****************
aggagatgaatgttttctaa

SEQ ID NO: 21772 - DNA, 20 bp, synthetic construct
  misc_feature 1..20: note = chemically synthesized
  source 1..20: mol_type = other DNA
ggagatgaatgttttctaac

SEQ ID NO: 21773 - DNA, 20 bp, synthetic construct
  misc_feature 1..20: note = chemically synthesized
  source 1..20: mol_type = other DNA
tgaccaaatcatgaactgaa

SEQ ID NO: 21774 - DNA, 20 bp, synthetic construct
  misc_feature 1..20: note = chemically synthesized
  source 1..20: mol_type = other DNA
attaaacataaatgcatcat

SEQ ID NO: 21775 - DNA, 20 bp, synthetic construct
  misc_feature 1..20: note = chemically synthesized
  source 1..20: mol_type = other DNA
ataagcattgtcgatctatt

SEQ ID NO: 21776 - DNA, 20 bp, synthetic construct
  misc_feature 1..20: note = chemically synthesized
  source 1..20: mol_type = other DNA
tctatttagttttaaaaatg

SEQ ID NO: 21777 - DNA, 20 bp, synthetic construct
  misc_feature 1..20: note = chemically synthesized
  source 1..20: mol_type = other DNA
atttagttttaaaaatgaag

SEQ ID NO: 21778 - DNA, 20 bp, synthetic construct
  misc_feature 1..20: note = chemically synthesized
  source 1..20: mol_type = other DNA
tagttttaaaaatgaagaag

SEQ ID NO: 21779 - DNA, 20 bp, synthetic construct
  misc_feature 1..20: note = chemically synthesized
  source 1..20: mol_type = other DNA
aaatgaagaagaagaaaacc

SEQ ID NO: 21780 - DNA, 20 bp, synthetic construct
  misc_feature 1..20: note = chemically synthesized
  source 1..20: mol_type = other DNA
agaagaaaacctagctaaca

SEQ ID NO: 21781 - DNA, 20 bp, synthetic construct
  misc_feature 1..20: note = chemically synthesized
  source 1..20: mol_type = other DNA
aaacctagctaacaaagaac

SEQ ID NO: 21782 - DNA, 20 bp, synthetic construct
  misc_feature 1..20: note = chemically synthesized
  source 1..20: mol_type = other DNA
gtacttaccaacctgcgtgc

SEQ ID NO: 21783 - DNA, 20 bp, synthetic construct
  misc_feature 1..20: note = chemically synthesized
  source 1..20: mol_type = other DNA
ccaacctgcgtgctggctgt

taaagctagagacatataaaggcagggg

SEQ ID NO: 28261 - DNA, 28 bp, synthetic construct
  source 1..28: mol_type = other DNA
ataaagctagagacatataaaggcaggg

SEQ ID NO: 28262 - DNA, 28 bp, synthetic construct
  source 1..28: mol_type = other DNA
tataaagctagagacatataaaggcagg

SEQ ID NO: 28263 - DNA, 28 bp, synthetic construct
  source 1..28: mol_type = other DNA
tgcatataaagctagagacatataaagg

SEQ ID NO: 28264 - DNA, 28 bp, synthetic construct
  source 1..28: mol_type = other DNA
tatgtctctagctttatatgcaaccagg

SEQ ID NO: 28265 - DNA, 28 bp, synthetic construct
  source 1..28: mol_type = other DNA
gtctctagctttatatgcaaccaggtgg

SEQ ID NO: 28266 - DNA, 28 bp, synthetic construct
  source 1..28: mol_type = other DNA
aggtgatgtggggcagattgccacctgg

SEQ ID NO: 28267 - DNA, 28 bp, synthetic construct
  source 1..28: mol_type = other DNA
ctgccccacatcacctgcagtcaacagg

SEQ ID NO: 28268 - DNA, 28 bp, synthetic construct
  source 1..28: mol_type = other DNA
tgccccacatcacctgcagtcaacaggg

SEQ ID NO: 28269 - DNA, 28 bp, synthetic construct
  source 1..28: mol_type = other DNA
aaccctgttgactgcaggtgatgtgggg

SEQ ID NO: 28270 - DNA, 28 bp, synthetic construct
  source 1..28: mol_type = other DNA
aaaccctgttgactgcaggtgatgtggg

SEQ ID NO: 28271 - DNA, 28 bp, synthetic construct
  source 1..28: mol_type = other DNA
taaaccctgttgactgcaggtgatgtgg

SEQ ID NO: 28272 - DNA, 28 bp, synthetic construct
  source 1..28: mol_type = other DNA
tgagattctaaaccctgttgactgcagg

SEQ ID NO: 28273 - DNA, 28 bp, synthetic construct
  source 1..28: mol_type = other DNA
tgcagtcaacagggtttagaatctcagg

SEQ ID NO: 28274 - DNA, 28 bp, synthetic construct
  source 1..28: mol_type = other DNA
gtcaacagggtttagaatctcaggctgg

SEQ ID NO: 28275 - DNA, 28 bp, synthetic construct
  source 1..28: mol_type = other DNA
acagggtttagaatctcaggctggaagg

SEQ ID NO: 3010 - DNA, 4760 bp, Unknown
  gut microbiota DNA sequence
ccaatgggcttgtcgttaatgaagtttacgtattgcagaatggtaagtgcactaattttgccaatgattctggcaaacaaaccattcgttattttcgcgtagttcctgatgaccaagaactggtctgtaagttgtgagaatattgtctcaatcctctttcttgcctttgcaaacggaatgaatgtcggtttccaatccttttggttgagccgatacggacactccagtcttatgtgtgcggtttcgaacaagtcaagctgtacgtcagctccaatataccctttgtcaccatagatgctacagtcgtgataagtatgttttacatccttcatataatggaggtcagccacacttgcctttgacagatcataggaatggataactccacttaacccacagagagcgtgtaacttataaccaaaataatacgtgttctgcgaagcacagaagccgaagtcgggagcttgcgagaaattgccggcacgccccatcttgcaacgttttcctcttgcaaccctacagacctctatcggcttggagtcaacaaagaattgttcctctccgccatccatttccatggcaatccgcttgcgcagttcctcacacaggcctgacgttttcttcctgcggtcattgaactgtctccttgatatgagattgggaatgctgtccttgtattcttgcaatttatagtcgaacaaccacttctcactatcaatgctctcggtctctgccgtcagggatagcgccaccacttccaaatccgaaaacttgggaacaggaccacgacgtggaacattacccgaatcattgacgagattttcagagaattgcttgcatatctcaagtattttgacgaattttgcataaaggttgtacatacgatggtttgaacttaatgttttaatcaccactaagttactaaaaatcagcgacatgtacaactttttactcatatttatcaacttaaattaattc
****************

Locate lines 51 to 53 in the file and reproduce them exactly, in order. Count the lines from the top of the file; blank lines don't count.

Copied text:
SEQ ID NO: 28261 - DNA, 28 bp, synthetic construct
  source 1..28: mol_type = other DNA
ataaagctagagacatataaaggcaggg